Would open-minded, free-spirited me let my kids do these three things? Begrudgingly, doubtful, and are you kidding me??


Earlier this week, Laura Backman came to our house to film the final video for the Faith Five series that has been playing during the Children’s Message on Sundays for the past month. Step five is “bless.”  As in, after you share, read, talk, and pray, each family member is supposed to bless each other.   While our family is pretty adept at the “share” step (we have been regular high-and-low-ers for nearly two years), the blessing step is a new addition.  At first, I struggled.  What, exactly, do I say?  Also, what gives me the right to bless someone else in God’s name?  Finally I settled on “God be with you” while touching the head of each kid, although I reserve the right to change that to something more pithy in the future.

While I was pondering this whole blessing topic earlier this week, my mind shifted to the memories I shared above. While my parents did not explicitly bless me, I have no doubt that God was with me along those childhood journeys—accompanying me, keeping me safe, and always returning me home before curfew.  (Except for that one time, but let’s not talk about that right now.)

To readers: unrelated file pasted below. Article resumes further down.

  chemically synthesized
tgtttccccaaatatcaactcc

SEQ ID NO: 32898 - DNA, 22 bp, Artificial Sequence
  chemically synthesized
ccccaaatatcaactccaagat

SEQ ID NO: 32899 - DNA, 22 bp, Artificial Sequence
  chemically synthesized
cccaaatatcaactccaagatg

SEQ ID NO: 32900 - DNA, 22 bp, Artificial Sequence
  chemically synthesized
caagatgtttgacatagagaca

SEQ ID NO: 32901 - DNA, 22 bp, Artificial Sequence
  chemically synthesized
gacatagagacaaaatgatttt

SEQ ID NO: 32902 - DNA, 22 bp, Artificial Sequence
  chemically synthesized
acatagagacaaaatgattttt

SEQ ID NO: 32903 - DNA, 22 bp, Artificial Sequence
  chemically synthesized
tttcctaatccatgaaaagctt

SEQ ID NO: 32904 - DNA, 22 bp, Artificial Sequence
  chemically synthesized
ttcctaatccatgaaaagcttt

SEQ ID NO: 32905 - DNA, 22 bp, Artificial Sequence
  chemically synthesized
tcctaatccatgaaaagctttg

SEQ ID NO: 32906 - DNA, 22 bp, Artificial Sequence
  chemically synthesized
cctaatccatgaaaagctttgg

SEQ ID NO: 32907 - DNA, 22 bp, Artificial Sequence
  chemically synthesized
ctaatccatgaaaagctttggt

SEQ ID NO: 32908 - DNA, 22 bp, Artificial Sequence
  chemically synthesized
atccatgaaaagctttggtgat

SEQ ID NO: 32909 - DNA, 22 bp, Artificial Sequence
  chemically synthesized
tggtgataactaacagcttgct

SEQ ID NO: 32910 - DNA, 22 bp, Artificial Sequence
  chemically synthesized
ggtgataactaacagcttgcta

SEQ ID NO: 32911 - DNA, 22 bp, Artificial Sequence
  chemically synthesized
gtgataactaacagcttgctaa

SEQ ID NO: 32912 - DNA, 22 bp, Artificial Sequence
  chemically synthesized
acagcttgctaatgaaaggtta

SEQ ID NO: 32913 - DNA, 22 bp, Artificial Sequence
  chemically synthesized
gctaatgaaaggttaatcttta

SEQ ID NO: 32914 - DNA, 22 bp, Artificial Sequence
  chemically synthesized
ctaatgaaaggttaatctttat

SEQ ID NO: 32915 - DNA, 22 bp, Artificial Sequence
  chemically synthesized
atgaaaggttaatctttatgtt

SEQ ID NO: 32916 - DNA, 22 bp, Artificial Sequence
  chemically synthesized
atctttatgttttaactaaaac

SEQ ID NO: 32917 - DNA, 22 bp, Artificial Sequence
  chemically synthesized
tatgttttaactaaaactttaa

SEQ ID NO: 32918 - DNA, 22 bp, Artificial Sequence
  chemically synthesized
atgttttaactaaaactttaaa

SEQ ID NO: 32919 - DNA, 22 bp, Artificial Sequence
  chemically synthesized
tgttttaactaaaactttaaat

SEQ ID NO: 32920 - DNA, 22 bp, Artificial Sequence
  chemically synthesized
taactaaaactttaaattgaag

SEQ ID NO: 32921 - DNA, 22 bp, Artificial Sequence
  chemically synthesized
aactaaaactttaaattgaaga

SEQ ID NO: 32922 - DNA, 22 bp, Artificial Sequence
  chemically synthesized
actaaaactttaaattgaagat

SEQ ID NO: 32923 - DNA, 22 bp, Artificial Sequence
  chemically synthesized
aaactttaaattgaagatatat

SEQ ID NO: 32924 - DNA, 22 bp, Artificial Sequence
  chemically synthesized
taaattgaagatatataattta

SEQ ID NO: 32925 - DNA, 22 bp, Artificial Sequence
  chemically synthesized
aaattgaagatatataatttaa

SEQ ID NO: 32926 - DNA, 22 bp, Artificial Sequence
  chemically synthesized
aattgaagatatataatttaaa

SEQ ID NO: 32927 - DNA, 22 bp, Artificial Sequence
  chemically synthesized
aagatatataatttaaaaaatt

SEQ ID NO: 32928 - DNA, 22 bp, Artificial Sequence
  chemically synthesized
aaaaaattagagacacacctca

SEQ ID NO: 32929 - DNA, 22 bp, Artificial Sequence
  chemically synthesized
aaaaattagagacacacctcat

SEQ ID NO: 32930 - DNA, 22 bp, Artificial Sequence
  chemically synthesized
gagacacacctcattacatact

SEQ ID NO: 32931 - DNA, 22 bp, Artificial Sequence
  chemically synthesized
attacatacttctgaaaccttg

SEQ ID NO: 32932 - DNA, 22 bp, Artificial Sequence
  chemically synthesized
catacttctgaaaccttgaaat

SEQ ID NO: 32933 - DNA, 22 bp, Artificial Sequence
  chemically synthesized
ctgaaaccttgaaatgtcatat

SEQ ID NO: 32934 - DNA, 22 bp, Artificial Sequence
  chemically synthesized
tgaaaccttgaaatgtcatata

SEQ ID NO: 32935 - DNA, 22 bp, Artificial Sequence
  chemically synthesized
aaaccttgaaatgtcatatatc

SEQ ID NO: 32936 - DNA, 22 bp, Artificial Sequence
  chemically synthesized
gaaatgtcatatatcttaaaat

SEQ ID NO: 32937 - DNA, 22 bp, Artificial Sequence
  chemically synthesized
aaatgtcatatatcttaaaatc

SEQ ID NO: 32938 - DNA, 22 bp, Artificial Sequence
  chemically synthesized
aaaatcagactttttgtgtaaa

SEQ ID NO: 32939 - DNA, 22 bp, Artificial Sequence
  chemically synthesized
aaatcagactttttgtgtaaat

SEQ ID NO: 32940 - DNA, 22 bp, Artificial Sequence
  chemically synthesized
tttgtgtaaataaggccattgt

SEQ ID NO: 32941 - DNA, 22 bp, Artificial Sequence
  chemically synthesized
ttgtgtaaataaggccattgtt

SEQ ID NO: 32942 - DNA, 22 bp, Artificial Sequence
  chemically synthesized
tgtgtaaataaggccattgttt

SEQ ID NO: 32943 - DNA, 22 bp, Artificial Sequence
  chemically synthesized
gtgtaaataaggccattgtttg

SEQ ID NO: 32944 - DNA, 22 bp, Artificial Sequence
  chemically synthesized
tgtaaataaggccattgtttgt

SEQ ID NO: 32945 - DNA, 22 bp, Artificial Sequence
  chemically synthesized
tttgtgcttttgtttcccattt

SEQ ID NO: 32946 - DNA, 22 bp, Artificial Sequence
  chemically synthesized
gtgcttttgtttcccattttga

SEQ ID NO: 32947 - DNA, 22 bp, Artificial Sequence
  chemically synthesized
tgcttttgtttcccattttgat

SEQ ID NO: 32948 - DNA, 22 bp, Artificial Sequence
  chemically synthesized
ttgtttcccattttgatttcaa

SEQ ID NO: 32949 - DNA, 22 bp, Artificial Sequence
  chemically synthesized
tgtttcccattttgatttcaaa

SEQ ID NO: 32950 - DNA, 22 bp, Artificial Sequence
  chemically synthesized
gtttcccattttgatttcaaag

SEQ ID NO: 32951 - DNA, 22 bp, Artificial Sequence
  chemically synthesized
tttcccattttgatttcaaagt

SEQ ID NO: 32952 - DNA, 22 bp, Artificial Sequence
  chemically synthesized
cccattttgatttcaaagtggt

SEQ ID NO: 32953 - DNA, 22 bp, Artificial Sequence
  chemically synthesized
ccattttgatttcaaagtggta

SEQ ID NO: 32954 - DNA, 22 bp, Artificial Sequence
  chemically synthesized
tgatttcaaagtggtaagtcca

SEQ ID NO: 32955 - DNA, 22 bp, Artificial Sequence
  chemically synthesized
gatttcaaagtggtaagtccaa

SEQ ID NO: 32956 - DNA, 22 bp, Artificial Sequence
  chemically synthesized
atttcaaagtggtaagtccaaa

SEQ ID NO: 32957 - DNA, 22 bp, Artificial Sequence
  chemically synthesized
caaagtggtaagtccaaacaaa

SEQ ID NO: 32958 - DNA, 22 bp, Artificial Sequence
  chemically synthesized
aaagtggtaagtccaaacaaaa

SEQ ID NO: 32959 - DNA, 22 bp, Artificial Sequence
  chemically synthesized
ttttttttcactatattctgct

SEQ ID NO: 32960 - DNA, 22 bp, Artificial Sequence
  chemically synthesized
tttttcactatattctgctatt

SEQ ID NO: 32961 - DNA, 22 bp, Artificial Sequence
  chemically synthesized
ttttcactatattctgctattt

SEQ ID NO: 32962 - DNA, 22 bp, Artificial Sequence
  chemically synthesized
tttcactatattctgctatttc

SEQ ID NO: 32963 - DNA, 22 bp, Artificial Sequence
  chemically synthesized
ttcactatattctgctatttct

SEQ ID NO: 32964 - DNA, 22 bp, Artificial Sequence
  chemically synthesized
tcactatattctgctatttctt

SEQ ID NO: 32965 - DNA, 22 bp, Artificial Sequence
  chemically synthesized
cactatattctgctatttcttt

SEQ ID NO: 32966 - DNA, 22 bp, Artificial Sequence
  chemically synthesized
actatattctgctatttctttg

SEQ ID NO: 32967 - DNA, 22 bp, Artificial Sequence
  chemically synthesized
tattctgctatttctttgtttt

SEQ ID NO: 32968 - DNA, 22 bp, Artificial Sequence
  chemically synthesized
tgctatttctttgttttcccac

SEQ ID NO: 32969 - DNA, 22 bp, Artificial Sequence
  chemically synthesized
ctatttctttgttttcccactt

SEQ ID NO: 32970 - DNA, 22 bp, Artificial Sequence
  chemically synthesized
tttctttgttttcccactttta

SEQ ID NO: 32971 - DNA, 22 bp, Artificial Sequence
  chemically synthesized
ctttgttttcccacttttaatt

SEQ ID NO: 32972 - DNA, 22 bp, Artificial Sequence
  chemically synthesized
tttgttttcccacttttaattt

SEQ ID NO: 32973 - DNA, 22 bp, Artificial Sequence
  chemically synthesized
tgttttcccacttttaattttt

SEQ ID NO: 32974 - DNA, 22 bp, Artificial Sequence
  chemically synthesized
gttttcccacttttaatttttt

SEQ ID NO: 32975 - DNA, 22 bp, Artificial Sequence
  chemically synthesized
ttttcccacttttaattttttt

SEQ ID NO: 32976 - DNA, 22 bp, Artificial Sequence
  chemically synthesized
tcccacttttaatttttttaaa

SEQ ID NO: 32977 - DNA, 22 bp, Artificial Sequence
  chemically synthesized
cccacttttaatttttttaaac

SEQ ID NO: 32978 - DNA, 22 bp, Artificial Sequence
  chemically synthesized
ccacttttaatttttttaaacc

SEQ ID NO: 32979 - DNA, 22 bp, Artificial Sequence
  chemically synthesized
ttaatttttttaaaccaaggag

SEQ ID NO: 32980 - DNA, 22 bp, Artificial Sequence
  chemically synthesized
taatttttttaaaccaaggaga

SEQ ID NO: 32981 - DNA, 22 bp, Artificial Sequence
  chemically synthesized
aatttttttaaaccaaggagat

Similarly, I know that God is watching over my family as they go out into the world whether I perform my clunky blessing each night or not. However, that doesn’t make the act any less important.  For one, I think it is a great reminder for the kids to help them remember that God is with them throughout their days.  While they are still relatively early in their education, school can certainly make one feel separate and apart; I hope hearing that God walks with each of them gives them some solace.